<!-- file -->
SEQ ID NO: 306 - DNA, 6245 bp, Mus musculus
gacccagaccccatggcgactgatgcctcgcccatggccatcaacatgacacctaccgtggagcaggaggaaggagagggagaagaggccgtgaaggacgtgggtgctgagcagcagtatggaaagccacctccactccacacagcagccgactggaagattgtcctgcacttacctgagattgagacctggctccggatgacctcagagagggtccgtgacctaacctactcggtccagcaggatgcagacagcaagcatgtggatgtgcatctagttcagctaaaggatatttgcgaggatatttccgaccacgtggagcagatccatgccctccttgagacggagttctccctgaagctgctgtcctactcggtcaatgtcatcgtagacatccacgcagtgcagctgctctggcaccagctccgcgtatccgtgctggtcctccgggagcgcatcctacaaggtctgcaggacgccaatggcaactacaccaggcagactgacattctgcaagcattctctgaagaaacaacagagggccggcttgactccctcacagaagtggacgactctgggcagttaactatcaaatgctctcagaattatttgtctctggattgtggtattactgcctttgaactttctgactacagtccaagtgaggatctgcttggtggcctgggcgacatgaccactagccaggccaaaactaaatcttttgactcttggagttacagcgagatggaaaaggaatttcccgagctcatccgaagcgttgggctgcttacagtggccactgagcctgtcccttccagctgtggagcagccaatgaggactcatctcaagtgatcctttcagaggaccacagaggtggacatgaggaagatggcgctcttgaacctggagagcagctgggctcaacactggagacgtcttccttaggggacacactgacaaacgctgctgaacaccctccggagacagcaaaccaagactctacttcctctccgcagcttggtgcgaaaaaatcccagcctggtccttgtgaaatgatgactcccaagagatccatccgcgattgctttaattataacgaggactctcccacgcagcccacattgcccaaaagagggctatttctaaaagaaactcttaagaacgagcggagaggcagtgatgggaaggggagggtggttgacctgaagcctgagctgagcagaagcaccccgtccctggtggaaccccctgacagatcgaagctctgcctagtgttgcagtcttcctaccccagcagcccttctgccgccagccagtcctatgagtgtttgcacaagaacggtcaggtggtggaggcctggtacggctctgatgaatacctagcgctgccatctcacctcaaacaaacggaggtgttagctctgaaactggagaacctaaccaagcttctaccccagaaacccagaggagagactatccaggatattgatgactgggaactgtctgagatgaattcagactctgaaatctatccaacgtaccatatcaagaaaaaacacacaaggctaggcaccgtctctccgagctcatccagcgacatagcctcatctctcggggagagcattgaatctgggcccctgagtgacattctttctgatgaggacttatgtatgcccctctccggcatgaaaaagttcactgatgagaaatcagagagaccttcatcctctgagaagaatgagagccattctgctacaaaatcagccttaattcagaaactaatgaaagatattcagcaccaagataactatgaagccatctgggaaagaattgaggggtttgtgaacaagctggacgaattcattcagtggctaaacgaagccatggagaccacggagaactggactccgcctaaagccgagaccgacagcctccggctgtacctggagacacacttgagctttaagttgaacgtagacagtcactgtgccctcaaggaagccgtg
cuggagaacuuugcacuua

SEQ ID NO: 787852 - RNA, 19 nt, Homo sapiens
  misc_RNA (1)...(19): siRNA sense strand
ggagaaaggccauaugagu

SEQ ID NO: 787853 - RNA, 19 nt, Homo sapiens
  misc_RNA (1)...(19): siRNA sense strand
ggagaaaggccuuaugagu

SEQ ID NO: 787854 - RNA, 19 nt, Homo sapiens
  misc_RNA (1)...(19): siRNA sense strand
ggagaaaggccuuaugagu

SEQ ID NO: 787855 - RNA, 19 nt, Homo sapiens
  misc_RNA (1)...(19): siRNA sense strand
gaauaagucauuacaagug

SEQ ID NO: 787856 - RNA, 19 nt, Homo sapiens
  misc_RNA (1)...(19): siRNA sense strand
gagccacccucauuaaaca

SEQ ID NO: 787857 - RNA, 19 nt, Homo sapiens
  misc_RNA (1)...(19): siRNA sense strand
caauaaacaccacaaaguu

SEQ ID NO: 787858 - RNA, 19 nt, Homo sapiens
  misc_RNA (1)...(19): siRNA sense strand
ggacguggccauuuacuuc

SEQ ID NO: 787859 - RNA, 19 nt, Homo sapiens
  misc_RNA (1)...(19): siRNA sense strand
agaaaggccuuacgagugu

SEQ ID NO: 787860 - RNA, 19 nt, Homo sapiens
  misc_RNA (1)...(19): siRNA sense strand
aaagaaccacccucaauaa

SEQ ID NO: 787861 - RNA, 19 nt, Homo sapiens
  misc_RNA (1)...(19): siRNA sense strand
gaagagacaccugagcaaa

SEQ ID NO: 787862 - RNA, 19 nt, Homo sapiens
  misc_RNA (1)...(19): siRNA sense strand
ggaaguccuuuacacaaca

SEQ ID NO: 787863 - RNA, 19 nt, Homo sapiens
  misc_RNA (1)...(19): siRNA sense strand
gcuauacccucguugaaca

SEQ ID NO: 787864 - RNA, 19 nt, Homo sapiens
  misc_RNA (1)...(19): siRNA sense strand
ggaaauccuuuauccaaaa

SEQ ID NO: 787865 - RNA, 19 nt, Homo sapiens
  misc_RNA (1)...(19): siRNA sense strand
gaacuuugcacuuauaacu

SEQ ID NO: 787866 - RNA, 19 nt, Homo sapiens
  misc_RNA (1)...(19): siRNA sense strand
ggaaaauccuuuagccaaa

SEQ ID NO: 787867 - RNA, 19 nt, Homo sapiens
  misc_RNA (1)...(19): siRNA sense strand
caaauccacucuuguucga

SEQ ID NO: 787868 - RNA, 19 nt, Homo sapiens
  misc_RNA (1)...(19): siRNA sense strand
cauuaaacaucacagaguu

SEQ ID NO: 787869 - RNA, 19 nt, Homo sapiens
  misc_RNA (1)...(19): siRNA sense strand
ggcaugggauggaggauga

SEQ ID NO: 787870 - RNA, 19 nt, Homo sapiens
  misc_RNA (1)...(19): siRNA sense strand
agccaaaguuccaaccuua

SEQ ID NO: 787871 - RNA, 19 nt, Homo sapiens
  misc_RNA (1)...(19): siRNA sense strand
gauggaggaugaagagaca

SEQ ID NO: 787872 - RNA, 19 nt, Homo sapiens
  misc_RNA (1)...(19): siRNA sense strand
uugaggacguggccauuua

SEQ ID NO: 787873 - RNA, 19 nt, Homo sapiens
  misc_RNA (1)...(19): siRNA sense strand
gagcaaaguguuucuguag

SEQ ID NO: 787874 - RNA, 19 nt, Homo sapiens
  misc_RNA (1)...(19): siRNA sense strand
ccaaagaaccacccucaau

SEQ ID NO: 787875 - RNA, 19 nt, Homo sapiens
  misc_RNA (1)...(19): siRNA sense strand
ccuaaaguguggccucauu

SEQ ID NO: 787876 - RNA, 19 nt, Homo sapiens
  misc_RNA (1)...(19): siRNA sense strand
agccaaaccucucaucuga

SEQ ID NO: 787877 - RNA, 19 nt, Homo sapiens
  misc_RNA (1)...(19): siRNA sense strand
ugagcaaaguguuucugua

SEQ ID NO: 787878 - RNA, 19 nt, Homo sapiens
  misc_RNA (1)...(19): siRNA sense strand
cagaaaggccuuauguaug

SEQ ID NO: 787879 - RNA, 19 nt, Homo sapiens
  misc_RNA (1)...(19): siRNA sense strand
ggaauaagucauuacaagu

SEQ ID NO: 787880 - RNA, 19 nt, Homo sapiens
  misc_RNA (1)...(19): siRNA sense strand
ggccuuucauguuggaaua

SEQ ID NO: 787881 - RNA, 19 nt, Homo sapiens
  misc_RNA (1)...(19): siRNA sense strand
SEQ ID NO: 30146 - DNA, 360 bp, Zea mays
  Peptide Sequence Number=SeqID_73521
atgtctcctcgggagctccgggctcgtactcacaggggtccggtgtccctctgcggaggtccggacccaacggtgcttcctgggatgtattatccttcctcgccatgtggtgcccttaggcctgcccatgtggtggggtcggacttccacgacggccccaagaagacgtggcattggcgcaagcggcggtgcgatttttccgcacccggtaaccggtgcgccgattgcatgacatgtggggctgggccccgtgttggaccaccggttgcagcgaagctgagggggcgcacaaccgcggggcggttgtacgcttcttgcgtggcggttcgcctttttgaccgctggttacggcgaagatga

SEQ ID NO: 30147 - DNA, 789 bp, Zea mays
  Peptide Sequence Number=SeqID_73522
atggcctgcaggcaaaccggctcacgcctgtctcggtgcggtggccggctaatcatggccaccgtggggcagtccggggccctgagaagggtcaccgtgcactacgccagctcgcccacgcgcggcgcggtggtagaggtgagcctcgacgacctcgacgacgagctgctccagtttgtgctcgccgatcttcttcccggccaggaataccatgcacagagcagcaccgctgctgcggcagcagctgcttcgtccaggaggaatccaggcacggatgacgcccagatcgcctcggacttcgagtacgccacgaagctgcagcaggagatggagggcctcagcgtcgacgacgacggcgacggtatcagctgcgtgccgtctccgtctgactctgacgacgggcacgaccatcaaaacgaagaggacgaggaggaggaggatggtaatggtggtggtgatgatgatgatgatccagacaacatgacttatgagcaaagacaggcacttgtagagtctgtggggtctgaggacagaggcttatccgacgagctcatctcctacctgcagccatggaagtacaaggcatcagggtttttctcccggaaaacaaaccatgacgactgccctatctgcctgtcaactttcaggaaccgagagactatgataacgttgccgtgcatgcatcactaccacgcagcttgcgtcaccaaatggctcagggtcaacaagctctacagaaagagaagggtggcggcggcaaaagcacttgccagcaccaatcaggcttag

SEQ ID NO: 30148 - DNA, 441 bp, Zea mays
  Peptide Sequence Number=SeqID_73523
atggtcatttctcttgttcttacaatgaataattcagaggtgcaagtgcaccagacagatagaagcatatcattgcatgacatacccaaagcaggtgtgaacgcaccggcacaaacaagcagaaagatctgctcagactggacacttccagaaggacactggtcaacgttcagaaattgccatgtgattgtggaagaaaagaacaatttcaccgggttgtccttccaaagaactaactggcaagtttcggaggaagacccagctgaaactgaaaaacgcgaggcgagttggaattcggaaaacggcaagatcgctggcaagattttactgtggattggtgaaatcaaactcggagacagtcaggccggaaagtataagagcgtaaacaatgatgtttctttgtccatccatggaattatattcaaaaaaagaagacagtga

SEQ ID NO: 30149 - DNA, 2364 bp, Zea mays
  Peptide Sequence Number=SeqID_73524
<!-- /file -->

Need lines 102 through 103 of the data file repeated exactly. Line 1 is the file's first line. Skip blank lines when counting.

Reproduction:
SEQ ID NO: 30149 - DNA, 2364 bp, Zea mays
  Peptide Sequence Number=SeqID_73524